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Re: Handling data in libpq

From: "John L(dot) Turner" <jlt(at)wvinter(dot)net>
To: am(at)fx(dot)ro, pgsql-interfaces(at)postgresql(dot)org
Cc: "Jeroen T(dot) Vermeulen" <jtv(at)xs4all(dot)nl>
Subject: Re: Handling data in libpq
Date: 2002-10-19 14:48:04
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Lists: pgsql-interfaces
On Saturday 19 October 2002 11:47, am(at)fx(dot)ro wrote:
> First of all, thanks for your answer.
> On Sat, Oct 19, 2002 at 01:01:36PM +0200, Jeroen T. Vermeulen wrote:
> > On Sat, Oct 19, 2002 at 01:23:52PM +0300, am(at)fx(dot)ro wrote:
> > > I'm looking for a new approach regarding fetching the data.
> > > Usage of cursors is probably the path to follow. I would be deeply
> > > grateful to anyone who would share a bit of his/her experience:
> > >
> > > - i assume the table has 50000 tuples
> > > - what is better:  to fetch one tuple at one time, or to fetch
> > >   a certain number of tuples (let's say 100).
> >
> > Obviously there is some query and communications overhead associated with
> > fetching anything, regardless of size, and the odds are it's going to be
> > larger than the cost of sending a tuple of actual data across.  So if
> > you're going to pay that overhead anyway, you'll want to get some decent
> > amount of data for it.
> Hmm.. Good point.
> So, you're saying that fetching one tuple at one time is out of discussion.
> > However, that also implies that fetching 500 blocks of 100 tuples each is
> > always going to be slower than getting 50000 tuples in one go. The two
> > advantages of fetching smaller blocks are: (1) you can start processing
> > some data right away, which might be useful for e.g. user interaction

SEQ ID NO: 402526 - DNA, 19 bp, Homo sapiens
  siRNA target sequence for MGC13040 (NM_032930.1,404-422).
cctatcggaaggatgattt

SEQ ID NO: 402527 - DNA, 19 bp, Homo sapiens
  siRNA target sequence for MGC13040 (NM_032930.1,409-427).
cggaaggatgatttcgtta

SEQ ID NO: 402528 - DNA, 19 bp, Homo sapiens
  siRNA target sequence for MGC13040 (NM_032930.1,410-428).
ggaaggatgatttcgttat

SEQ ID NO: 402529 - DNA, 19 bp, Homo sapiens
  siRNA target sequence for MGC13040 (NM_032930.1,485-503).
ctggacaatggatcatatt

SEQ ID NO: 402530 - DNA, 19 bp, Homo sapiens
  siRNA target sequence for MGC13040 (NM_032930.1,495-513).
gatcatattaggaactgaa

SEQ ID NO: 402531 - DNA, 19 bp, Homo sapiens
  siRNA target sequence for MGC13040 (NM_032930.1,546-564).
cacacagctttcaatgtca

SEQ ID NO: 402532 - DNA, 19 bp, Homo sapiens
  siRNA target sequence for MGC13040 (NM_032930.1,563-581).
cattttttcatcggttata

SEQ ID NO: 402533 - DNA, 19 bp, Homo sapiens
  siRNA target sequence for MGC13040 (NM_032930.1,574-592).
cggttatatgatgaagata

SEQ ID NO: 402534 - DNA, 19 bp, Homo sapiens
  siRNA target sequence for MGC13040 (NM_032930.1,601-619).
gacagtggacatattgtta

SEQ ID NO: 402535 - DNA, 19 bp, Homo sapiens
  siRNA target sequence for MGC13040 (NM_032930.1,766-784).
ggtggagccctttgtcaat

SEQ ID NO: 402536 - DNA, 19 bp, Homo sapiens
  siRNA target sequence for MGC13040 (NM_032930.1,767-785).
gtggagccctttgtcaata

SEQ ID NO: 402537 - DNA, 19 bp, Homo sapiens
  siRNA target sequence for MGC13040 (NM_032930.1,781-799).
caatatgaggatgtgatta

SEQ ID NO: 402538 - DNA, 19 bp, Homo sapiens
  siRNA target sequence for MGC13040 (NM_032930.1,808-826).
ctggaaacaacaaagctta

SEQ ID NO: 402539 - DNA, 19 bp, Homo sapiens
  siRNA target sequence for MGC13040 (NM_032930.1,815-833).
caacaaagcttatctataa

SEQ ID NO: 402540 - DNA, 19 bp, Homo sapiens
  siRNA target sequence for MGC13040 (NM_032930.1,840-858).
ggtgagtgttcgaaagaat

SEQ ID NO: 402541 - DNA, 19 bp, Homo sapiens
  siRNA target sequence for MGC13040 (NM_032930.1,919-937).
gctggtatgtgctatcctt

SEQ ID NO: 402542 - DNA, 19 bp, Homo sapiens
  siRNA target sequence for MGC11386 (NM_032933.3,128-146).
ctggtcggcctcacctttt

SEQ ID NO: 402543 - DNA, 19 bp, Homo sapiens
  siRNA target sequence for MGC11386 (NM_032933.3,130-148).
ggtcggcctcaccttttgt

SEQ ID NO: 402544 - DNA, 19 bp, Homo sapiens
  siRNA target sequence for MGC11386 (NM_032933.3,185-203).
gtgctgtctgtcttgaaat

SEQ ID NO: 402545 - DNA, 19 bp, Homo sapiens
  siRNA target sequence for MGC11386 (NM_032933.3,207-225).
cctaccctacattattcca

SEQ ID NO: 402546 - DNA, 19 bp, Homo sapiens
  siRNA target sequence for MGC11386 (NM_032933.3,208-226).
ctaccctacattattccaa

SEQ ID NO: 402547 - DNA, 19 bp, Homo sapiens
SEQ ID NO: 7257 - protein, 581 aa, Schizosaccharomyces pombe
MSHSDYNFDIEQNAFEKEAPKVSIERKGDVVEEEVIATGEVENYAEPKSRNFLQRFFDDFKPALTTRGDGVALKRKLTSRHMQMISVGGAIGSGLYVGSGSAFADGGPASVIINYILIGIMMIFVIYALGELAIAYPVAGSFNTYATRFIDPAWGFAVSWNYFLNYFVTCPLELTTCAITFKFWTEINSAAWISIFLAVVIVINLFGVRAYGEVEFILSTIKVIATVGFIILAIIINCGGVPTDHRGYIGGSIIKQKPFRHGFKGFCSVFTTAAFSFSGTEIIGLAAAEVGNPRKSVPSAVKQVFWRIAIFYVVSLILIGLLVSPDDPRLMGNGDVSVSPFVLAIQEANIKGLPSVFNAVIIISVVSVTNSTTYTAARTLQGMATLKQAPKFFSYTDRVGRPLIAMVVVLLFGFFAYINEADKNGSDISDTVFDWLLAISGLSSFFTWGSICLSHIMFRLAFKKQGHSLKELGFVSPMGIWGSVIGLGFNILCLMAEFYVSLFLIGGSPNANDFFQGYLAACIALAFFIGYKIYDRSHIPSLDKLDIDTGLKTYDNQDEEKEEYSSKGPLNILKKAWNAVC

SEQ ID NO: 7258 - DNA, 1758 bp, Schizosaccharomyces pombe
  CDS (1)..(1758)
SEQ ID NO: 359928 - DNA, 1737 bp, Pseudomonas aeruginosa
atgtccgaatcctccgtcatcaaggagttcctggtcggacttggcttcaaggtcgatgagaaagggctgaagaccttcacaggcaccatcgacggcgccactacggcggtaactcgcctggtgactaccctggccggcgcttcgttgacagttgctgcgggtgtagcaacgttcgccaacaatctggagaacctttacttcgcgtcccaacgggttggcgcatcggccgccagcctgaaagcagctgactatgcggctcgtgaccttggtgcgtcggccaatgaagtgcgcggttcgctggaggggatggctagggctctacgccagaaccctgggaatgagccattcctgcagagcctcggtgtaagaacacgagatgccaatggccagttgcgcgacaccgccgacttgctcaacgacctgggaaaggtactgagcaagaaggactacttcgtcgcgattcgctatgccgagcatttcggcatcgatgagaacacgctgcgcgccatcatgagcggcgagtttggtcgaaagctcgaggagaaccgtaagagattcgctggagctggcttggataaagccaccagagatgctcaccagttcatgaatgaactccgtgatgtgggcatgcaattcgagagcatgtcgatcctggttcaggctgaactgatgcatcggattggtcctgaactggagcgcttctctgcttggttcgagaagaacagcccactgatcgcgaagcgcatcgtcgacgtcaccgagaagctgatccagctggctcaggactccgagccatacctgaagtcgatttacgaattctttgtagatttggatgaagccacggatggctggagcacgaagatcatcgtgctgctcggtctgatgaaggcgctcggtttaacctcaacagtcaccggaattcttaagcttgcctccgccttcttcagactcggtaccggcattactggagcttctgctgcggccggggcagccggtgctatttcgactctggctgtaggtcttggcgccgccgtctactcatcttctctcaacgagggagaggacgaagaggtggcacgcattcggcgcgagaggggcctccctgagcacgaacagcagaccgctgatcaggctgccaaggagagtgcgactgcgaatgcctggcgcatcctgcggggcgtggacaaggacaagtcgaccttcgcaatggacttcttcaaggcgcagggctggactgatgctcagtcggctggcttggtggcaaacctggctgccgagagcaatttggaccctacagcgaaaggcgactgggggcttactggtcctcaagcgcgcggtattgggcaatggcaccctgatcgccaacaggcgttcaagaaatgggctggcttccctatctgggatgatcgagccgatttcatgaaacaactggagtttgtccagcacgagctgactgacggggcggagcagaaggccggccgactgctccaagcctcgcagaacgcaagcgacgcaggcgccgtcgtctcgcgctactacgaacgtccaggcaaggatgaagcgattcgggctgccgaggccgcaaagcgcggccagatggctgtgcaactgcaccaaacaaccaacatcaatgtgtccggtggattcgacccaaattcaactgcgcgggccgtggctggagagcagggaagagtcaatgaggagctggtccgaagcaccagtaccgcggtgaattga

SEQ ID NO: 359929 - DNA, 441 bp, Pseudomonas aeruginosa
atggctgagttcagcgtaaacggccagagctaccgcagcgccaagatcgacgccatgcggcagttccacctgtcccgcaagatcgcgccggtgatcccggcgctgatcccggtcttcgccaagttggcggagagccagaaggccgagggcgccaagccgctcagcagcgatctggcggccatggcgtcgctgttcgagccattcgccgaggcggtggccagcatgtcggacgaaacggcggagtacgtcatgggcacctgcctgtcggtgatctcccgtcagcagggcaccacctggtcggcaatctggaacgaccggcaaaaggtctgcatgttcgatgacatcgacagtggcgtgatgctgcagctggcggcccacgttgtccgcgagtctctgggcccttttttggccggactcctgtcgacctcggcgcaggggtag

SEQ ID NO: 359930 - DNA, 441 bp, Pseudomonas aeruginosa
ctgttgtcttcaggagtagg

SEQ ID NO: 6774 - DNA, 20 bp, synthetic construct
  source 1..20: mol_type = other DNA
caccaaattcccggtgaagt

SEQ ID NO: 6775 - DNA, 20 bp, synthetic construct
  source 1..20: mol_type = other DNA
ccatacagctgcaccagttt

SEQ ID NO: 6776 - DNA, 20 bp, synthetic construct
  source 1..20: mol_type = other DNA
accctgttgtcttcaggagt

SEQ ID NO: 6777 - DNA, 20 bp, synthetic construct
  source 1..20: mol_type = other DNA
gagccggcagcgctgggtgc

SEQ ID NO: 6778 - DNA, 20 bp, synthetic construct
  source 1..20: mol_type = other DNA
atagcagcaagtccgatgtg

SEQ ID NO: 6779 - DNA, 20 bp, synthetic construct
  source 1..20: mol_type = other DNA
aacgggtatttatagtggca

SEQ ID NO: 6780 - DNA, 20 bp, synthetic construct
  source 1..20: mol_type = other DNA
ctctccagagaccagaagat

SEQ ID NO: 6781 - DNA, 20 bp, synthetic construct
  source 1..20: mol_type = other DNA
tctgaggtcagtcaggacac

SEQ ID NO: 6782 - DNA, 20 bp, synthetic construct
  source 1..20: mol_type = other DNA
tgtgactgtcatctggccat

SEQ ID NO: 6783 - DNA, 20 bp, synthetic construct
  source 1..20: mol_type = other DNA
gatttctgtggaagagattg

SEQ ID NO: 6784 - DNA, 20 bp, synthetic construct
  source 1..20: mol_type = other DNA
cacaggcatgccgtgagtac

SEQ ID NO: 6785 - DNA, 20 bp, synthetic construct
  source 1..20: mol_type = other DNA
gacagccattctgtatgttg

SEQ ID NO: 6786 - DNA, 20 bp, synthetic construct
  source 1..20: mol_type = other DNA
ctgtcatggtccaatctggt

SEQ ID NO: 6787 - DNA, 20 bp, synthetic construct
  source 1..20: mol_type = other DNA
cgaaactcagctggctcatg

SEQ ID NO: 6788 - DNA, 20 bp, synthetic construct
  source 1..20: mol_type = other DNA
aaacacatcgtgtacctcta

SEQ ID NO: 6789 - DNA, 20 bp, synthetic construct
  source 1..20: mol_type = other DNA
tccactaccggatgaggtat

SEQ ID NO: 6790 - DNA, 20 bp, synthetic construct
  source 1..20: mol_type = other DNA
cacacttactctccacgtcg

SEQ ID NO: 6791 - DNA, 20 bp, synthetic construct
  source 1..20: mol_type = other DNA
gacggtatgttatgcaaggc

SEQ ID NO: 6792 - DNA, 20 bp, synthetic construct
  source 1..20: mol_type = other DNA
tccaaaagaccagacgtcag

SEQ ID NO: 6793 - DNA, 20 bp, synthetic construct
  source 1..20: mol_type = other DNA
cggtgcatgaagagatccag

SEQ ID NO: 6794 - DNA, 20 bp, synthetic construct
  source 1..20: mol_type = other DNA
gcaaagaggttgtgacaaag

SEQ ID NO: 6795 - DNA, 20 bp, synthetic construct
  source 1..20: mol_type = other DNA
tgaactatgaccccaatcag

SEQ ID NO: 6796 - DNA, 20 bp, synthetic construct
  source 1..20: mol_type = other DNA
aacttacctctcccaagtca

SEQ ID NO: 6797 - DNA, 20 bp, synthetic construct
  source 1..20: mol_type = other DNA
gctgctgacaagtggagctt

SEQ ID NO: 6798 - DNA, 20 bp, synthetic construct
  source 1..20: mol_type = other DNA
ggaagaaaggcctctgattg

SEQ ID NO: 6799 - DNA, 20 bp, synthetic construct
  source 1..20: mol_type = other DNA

> > (or you can use asynchronous communication so you can process your last
> > block of data while fetching the next);
> Well, the program doesn't do automatically data processing:
> it only allows the user do see and modify the data.
> >and (2) you may be running out of
> > memory when fetching and processing 50000 tuples at once.  Swapping can
> > be a real drag on performance.
> There is also another aspect: usually the user will not
> browse all of those tuples ( the program allows the user to specify
> custom WHERE and ORDER BY clauses, so that he/she can select only
> the interesting rows ; and only sometimes will scroll all tuples ).
> The conclusion is that the number of rows fetched at one time
> should be chosen carefully.
> > > - if i fetch 100 tuples, PQntuples returns 100? how do i know how
> > >   many rows has the table?
> >
> > Well, if you assume your table has 50000 rows, why do you need to ask?
> This assumption is only for that table. I want that my program
> works well even for larger tables ( most of the program's classes
> and functions are independent from the actual table, and will be
> moved to a library for later use).
> > Seriously though, you don't get this information.  But if an estimate
> > is good enough, you can "select count(*) from table" before you start
> > fetching data.
> I see: the returned number is exact as long as another user doesn't
> add/delete tuples after the 'select count(*)' and before the fetch.
> I thought there was a way to find out how many tuples would return
> a FETCH ALL, without executing that command.
> > > - i have the impression that keeping track of the tuple's index i
> > >   nside the RecordSet and the index inside the whole table is quite
> > >   tricky, but manageable. How do you guys handle this kind of
> > > situations?
> >
> > It's not so hard.  Just an extra nested loop.
> Adrian Maier

Another way to look at it, is to create a TreeView, showing only part of the 

We do that for both our Customer's and  Products Tables

First, select all the First Letters in a Customers Table's Last Name Field
Show the User That list of Characters [ A ... Z ] 

Then when the users Clicks (Selects) the Character, only those Last Names With 
the Selected Character are fetched, and added to Treeview display

Ditto for Products, only they are Grouped by a Category, then any number of  
Sub Categories, until the small group of products are shown

After the TreeView item is selected, the focus is changed to the second page 
of a Tab Form to allow each field to be edited
John Turner
JCI Inc.
"Just because you do not know the answer
does not mean that someone else does"
Stephen J. Gould, {rip}

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